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  • Print publication year: 2012
  • Online publication date: October 2015

1 - Introduction

Summary

The Institute of Developing Economies-Japan External Trade Organization (IDE-JETRO) organized a symposium in December 2008 on the theme, “Engaging East Asian Integration: States, Markets and the Movement of People”. It was held in the wake of the Lehman Brothers collapse and in the midst of the deepening global financial crisis that originated in the United States.

The crisis reminded us of other historic events that marked turning points in the history of East Asian region making. One was the Plaza Accord in 1985 which marked the beginning of the region's economic development and regionalization. The yen appreciated enormously in the wake of the Plaza Accord, forcing Japanese firms — above all, electronics, machinery, and automotive firms — to move abroad and deploy their production facilities regionally to remain competitive in the world market. South Korean, Taiwanese, and Hong Kong as well as Southeast Asian ethnic Chinese business also went transnational and became regionalized. This expansion and deepening of business networks and production chains led to de facto economic integration. It was against this background of regionalization that people such as Mahathir Mohamad, then prime minister of Malaysia, and Takeshita Noboru, prime minister of Japan, started to talk about East Asia as we do now when referring to the region extending from Japan and South Korea through China, Taiwan, and Hong Kong to Southeast Asia. It was also in those years that China transformed itself from socialism to a socialist market economy while being integrated into the regional and global economy.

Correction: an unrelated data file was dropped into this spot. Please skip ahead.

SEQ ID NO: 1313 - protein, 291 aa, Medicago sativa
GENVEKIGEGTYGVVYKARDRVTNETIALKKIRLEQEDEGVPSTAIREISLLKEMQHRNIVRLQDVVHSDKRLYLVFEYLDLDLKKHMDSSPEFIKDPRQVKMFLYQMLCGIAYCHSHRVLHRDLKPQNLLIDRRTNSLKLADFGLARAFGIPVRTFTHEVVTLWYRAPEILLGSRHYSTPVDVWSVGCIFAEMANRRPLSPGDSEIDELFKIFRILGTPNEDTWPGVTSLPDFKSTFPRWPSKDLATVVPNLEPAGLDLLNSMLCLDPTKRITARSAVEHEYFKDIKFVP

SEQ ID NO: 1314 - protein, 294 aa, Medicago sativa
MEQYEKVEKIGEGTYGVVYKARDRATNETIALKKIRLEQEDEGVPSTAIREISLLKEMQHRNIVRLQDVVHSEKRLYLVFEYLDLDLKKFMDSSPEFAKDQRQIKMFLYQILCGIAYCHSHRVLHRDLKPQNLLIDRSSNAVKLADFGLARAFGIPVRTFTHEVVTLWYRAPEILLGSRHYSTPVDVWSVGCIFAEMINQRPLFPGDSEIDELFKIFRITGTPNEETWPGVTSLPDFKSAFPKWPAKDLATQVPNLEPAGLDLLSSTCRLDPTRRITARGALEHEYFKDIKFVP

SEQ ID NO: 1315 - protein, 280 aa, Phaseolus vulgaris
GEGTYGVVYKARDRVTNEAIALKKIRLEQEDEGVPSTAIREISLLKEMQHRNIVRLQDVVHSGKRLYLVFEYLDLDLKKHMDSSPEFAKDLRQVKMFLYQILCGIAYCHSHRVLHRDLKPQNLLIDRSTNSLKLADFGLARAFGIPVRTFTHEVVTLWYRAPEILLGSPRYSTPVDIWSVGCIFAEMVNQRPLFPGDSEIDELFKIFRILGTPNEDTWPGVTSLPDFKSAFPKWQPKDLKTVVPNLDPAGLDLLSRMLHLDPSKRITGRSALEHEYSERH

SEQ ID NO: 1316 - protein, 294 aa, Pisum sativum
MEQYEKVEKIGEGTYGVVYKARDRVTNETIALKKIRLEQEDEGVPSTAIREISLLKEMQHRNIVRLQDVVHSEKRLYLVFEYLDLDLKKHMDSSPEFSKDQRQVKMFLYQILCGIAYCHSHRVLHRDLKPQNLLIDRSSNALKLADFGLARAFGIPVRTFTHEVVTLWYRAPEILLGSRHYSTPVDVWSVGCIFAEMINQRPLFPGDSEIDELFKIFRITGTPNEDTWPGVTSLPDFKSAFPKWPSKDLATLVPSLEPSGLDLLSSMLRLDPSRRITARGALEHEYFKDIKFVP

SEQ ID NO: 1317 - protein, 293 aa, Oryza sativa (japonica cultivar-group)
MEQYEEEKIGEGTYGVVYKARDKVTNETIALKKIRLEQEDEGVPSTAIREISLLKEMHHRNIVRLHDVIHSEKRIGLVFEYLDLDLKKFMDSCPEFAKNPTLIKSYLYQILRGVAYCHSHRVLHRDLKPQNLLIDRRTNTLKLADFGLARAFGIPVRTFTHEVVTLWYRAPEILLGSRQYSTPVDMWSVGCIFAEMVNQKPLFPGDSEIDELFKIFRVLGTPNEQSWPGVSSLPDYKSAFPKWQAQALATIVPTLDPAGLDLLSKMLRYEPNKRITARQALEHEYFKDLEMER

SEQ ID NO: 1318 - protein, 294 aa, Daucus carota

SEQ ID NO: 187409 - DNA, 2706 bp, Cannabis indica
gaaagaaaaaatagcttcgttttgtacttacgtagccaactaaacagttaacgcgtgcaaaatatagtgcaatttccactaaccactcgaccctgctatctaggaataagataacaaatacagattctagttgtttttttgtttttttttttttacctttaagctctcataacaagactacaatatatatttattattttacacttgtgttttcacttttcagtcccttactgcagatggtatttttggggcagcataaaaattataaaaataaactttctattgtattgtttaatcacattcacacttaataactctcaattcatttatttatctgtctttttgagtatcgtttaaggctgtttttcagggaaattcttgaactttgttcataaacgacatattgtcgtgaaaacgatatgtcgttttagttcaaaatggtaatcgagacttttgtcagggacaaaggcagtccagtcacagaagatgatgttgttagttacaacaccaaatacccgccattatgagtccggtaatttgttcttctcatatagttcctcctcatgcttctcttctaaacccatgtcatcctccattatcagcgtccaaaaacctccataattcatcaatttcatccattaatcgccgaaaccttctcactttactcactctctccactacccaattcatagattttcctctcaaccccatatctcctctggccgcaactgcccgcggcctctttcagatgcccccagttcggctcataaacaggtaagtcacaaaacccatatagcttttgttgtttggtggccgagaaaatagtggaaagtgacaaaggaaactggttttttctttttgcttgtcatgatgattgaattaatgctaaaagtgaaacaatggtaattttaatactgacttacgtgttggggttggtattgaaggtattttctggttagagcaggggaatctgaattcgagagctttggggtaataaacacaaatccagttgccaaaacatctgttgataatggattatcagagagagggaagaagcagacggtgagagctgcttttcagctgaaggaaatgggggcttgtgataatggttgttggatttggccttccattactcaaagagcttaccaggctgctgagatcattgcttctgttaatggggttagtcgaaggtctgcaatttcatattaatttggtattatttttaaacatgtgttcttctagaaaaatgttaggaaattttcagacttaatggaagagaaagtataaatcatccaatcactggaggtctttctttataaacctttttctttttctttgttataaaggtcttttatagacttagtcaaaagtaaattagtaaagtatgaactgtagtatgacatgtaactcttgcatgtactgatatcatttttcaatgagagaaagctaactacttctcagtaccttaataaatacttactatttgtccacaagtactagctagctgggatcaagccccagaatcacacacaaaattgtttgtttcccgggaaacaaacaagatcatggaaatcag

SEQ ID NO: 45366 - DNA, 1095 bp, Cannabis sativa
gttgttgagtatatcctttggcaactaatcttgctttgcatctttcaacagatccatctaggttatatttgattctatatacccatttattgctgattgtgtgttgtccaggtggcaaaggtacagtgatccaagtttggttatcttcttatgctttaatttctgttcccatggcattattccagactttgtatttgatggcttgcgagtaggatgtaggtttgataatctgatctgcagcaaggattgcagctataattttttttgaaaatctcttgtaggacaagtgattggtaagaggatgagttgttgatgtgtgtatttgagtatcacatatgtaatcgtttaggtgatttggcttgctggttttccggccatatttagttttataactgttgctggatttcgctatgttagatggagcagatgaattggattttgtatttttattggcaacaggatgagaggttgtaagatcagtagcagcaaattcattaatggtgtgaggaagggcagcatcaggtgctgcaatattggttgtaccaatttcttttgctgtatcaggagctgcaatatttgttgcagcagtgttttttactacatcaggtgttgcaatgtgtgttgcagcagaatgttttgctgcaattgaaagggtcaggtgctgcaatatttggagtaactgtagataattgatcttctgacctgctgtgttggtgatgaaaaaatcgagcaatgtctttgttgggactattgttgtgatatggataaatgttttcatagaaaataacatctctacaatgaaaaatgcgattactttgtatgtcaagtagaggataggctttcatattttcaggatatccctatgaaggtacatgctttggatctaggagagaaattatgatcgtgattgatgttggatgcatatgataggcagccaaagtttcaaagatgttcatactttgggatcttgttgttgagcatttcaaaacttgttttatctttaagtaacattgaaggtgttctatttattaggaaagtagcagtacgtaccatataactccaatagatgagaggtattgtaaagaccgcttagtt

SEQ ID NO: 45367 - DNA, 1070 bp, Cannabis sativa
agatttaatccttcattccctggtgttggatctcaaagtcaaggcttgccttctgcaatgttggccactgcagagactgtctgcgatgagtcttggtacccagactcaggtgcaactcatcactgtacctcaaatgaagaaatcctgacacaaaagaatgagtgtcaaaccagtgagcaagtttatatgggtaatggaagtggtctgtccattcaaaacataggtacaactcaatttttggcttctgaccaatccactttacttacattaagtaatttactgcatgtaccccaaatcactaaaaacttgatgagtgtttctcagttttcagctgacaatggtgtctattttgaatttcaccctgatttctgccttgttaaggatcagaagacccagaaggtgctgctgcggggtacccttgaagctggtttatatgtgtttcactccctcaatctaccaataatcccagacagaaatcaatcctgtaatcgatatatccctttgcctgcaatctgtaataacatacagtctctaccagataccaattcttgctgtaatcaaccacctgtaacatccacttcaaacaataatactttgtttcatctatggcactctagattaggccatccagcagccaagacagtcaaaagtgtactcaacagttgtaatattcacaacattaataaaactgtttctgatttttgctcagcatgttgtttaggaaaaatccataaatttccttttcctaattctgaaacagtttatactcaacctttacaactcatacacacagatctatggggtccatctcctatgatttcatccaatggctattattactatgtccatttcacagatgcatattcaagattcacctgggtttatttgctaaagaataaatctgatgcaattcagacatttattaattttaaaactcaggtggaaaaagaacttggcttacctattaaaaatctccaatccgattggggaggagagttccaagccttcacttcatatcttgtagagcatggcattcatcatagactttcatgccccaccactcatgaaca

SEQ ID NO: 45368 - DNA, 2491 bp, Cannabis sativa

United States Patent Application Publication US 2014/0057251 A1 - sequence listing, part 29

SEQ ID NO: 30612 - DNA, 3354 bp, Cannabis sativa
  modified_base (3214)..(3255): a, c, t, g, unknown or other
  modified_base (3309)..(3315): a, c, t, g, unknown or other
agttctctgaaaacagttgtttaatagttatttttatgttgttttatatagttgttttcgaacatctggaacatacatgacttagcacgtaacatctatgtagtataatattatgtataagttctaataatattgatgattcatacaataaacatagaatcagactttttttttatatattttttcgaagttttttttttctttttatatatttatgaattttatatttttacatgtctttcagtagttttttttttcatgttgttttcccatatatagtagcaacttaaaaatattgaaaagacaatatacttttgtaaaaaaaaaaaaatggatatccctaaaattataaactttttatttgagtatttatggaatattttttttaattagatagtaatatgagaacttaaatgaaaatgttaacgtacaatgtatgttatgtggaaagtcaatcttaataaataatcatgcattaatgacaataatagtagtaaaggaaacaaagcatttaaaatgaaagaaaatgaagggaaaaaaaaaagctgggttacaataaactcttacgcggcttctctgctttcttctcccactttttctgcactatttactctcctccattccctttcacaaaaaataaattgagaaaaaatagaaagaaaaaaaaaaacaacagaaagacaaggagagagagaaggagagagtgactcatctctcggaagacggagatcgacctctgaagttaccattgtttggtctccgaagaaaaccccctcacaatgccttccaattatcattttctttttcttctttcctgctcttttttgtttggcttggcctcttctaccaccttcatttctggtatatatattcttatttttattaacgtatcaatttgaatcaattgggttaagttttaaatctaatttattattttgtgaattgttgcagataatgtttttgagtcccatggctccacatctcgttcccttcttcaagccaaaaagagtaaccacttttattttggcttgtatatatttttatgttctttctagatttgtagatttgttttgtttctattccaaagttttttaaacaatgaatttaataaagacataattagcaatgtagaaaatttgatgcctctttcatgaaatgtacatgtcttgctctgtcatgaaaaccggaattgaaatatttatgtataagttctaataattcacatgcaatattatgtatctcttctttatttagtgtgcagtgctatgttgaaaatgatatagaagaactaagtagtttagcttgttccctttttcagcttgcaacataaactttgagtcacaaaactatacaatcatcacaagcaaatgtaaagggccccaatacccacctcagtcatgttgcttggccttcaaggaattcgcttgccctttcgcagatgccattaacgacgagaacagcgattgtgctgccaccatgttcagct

A crisis that marked another turning point in the history of East Asia was the Asian economic crisis in 1997–98. In the midst of this crisis, the first ASEAN plus 3 (Japan, China and South Korea) summit meeting was held in 1997. The summit meeting was institutionalized in 1998, which also saw the establishment of an East Asia Vision Group to map out the future of the region. A year later, in 1999, the Chiang Mai Initiative laid the foundation for currency cooperation at the bilateral level among states in the ASEAN plus 3. Through these steps, there emerged a regional political project of building an East Asia community in the wake of the 1997–98 Asian economic crisis, in part to create a mechanism for regional cooperation, especially in currency, as a hedge against the kind of U.S.